Some of the topics we explore in this episode include:

  • We’ve all heard that “sex sells,” but does it really? What are some of the challenges of running a sexual health and wellness company?
  • How long does it usually take men and women to orgasm? What is the size of the orgasm gap?
  • What counts as “premature ejaculation” anyway?
  • Why is it that premature ejaculation sometimes gets misdiagnosed as erectile dysfunction?
  • How do you bring up the topic of sexual difficulties with a partner, whether you’re the one experiencing a difficulty or your partner is?
  • Is there anything that men can do to last longer in bed?
  • What do both men and women need to know about having better sex?

To learn more about Jeff and his company, visit promescent.com

This podcast was made on Zencastr. Join Zencastr today and receive 40% off of their professional plan for 3 months with my exclusive discount code: sexandpsych

***

Want to learn more about Sex and Psychology? Click here for previous articles or follow the blog on Facebook, Twitter, or Reddit to receive updates. You can also follow Dr. Lehmiller on YouTube and Instagram.

Listen and stream all episodes on Apple, Spotify, Google, or Amazon. Subscribe to automatically receive new episodes and please rate and review the podcast!

Credits: LEGIT Audio (Podcast editing) and Shutterstock/Florian (Music). Image created with Canva; photos used with permission of guest.

September 22, 2021

Episode 53: Everything You Think You Know About Sex Is Probably Wrong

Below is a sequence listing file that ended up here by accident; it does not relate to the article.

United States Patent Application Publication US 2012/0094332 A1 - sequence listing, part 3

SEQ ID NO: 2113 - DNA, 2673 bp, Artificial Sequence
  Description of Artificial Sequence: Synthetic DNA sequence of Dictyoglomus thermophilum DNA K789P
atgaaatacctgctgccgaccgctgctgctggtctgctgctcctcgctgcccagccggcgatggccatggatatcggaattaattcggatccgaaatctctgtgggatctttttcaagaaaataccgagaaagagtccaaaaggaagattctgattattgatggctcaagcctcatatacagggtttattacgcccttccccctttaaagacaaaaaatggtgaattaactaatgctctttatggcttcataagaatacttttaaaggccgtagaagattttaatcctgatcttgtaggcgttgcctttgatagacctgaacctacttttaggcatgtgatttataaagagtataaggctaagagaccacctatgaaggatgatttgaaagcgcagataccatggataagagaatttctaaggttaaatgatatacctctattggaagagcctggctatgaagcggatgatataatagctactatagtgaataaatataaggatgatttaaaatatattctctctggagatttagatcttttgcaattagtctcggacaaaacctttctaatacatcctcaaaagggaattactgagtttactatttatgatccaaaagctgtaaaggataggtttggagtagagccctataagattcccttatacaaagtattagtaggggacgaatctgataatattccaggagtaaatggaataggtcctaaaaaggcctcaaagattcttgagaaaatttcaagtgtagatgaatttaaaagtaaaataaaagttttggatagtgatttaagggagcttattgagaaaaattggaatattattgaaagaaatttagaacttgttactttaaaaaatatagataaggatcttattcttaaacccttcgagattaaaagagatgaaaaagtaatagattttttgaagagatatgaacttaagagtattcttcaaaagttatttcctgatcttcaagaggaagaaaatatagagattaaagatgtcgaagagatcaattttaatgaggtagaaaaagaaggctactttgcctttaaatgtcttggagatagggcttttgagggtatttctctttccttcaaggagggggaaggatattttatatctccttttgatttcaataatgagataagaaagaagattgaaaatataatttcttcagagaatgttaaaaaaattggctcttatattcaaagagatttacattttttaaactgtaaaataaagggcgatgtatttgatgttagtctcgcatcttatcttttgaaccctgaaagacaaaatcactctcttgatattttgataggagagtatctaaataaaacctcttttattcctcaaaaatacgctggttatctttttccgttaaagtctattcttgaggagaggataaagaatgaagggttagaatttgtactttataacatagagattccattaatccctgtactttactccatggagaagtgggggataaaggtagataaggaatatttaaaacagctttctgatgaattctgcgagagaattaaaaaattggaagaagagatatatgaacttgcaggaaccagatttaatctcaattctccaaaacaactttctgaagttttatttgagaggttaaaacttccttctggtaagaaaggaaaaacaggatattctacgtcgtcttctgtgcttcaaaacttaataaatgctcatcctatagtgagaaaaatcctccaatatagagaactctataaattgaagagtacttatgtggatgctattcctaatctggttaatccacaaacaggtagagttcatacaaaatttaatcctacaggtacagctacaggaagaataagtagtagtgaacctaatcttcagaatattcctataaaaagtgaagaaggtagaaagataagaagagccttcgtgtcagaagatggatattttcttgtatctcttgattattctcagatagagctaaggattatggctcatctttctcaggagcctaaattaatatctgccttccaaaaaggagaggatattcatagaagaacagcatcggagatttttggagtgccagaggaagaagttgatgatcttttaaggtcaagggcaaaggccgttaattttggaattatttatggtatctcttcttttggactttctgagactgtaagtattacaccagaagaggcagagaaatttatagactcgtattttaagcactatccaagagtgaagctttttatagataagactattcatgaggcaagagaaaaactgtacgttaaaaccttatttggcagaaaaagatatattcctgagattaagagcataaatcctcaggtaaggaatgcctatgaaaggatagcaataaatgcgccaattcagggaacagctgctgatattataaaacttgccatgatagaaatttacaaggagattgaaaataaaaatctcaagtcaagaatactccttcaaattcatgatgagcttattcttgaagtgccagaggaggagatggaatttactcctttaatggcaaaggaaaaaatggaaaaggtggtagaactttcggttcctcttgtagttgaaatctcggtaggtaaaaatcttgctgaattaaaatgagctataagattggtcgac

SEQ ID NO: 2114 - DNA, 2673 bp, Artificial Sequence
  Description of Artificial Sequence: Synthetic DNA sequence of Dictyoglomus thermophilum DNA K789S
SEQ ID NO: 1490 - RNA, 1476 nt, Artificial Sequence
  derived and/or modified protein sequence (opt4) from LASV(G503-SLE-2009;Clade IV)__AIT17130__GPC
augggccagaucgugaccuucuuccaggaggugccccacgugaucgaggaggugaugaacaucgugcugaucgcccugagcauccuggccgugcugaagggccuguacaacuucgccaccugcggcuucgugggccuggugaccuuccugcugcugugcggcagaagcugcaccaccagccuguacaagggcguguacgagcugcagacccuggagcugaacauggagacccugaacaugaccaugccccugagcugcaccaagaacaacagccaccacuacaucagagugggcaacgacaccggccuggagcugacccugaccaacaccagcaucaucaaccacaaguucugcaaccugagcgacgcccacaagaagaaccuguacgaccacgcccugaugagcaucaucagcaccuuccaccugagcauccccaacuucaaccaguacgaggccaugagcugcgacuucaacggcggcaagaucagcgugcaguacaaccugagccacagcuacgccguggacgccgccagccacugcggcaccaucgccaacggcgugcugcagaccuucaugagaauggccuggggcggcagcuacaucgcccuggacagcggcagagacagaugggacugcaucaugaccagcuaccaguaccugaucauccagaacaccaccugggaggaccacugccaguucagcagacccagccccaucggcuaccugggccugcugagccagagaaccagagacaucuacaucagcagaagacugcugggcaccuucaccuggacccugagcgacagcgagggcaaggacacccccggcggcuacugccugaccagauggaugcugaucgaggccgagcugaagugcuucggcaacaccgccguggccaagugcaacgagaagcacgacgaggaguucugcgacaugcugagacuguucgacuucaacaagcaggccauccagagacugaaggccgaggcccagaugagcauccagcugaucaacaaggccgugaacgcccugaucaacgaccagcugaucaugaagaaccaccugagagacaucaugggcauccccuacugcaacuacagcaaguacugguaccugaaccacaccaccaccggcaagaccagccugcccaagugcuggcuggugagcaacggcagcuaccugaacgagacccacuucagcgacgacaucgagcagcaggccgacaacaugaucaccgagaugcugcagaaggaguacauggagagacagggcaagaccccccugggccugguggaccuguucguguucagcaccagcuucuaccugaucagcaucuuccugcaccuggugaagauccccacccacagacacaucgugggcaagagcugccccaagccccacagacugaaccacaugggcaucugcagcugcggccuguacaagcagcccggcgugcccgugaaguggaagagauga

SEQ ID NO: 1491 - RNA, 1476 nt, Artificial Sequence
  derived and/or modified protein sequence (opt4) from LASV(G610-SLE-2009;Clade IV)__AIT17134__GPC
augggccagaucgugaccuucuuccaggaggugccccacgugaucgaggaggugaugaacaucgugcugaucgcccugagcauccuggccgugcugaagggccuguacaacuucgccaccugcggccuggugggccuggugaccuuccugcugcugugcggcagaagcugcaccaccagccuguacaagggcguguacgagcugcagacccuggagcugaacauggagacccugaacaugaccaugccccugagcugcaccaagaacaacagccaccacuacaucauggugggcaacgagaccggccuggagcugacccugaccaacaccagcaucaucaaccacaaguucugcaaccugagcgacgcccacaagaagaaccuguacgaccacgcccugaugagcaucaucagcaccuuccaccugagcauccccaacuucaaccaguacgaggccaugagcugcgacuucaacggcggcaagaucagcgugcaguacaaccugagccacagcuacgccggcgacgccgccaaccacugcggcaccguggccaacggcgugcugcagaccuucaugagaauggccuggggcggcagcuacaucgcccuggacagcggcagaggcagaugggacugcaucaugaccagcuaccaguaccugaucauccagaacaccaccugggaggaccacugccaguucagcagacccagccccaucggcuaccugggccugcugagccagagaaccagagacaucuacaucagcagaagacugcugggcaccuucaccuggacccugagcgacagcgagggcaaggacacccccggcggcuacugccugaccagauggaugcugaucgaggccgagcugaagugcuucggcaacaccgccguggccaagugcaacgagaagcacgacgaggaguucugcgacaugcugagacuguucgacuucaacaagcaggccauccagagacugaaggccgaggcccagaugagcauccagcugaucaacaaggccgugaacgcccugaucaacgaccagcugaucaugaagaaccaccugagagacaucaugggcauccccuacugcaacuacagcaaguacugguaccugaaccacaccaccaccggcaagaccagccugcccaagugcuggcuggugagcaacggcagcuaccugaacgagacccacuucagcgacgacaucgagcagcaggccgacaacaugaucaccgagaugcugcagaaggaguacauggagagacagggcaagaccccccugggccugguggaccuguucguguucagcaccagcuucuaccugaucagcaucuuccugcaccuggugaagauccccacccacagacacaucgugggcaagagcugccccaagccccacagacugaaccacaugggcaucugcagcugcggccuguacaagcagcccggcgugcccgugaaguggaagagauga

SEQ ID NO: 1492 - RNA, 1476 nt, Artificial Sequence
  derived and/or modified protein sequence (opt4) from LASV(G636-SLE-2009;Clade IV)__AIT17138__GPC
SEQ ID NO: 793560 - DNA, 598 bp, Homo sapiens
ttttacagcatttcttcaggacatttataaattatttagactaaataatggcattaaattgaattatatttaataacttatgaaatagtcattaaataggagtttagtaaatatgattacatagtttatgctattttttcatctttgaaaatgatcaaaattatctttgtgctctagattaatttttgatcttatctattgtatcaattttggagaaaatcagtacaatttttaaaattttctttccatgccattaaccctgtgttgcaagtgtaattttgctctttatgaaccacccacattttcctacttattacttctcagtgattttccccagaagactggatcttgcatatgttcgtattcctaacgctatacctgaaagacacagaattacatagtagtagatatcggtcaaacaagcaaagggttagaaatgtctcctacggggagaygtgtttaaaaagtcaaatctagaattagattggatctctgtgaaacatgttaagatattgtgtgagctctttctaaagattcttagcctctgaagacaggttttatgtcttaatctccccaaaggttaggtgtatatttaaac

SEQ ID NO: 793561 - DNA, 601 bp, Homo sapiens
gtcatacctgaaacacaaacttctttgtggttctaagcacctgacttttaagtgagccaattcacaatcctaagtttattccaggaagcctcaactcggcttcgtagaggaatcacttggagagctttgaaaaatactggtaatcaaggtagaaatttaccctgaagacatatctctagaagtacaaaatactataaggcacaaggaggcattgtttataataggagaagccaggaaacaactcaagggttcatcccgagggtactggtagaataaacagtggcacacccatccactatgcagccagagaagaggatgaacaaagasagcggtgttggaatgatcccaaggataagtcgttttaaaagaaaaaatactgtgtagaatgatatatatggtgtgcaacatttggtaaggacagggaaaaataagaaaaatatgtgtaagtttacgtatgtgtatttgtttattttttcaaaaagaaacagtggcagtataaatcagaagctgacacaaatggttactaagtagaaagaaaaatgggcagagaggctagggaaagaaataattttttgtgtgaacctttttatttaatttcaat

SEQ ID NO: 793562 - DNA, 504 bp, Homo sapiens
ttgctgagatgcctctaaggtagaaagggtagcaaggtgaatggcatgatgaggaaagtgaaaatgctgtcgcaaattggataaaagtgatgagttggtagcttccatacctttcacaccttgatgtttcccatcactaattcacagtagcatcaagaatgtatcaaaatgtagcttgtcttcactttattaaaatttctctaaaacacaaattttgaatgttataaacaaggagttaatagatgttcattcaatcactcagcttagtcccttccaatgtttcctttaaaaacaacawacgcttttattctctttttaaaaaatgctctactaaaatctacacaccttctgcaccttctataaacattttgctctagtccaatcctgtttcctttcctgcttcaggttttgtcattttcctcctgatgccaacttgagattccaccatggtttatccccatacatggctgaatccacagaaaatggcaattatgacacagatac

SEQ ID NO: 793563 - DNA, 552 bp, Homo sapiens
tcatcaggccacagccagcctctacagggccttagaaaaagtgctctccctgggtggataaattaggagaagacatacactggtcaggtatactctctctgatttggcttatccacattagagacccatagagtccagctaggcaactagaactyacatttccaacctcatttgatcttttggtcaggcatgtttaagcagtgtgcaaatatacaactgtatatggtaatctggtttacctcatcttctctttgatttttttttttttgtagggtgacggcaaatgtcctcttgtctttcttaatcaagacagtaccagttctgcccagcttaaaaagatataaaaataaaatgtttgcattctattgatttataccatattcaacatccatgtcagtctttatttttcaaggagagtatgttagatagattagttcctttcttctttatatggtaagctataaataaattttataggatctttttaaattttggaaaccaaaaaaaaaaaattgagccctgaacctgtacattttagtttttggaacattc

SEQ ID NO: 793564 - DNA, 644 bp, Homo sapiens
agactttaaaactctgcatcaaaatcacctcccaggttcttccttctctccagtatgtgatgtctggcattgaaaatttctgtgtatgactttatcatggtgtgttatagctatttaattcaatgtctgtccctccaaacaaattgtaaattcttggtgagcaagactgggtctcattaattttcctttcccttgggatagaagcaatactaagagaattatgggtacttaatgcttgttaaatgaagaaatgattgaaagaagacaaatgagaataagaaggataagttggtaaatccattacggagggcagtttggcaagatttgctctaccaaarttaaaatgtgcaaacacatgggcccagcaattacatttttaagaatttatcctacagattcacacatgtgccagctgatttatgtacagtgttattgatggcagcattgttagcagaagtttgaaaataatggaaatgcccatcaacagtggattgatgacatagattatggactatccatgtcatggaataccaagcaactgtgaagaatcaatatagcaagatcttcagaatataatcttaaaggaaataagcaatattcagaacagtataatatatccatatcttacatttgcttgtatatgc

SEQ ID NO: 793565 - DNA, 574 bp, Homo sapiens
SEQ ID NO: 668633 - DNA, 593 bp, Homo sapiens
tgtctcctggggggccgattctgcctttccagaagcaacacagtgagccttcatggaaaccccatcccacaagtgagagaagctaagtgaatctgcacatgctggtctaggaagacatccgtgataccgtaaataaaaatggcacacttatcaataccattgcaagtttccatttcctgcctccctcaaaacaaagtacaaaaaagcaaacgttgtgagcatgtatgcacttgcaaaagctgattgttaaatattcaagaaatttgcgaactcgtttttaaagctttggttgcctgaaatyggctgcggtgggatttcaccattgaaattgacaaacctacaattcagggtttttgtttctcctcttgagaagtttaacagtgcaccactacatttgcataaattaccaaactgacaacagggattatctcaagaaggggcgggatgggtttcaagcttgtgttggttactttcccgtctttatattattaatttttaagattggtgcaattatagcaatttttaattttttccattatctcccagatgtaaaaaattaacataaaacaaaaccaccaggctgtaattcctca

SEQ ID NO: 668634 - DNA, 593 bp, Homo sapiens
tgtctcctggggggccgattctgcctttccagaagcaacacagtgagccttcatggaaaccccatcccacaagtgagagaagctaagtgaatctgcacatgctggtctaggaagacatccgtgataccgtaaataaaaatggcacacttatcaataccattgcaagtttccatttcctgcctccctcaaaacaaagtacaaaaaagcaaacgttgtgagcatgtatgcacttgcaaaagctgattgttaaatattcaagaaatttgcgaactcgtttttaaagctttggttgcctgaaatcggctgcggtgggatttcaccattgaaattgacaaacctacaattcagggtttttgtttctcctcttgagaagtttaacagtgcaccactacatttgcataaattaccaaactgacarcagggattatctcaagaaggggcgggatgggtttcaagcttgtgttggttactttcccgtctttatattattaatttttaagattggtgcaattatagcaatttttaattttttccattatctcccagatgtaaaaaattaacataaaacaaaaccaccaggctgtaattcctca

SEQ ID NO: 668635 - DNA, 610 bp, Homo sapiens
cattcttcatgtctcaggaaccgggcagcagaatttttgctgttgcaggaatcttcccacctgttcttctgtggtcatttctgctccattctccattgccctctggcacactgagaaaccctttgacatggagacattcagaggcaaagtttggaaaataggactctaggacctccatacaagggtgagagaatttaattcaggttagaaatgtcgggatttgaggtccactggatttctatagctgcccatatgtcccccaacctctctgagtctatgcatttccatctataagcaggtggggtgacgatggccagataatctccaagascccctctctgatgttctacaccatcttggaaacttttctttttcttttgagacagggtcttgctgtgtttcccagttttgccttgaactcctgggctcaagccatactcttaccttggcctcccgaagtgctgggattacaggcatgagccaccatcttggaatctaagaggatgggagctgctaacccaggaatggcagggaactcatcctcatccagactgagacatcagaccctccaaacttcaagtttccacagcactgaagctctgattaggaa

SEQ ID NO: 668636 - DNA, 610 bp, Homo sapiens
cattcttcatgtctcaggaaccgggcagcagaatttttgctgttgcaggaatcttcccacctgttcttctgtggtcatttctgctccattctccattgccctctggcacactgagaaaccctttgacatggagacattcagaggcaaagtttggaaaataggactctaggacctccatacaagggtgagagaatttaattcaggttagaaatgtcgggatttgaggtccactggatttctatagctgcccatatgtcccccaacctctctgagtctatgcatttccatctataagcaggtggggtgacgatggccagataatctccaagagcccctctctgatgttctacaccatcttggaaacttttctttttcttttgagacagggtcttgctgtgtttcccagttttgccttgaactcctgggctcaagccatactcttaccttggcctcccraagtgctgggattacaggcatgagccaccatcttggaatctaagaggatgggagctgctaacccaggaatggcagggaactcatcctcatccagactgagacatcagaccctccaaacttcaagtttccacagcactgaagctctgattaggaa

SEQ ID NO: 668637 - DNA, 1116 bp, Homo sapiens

Have you ever heard that there are 8,000 nerve endings in the clitoris, or that the clitoris has twice as many nerve endings as the penis? These statements appear as facts in countless social media posts, news articles, and books. There’s just one problem with them, though—they’re wrong. It turns out that so many of the things we think we know about sex and that we hear repeated over and over just aren’t true.

That’s why this episode of the podcast is all about what we don’t know about sex. To help us set the record straight, I spoke with Dr. Lisa Dawn Hamilton. She is an associate professor of Psychology at Mount Allison University in Sackville, where she teaches about sex, gender, and neuroscience. Lisa Dawn also has a fantastic podcast called Do We Know Things? that corrects common misconceptions about sex.

Some of the topics we explore in this episode include:

  • What is the G-spot, really?
  • Do we actually know what the average penis size is?
  • Can men have multiple orgasms, too?
  • Does peeing after sex really reduce your risk of getting urinary tract infections?
  • What is the real purpose of pubic hair, and how is public hair removal related to STD risk?
  • How do hormones like testosterone and oxytocin really affect us?
  • How do the brains of monogamous and non-monogamous men differ?
  • What’s the connection between sexual arousal and disgust? Why does disgust sometimes become a sexual turn-on?

To learn more about Lisa Dawn and her work, visit doweknowthings.com

This podcast was made on Zencastr. Join Zencastr today and receive 40% off of their professional plan for 3 months with my exclusive discount code: sexandpsych

***

Want to learn more about Sex and Psychology? Click here for previous articles or follow the blog on Facebook, Twitter, or Reddit to receive updates. You can also follow Dr. Lehmiller on YouTube and Instagram.

Listen and stream all episodes on Apple, Spotify, Google, or Amazon. Subscribe to automatically receive new episodes and please rate and review the podcast!

Credits: LEGIT Audio (Podcast editing) and Shutterstock/Florian (Music). Image created with Canva; photos used with permission of guest.  

Let's Collab

Want to be a guest on the Sex and Psychology Podcast, sponsor a podcast, or do you have a question or topic you want to see addressed on the podcast? Send Justin an email to start the conversation.

Email Justin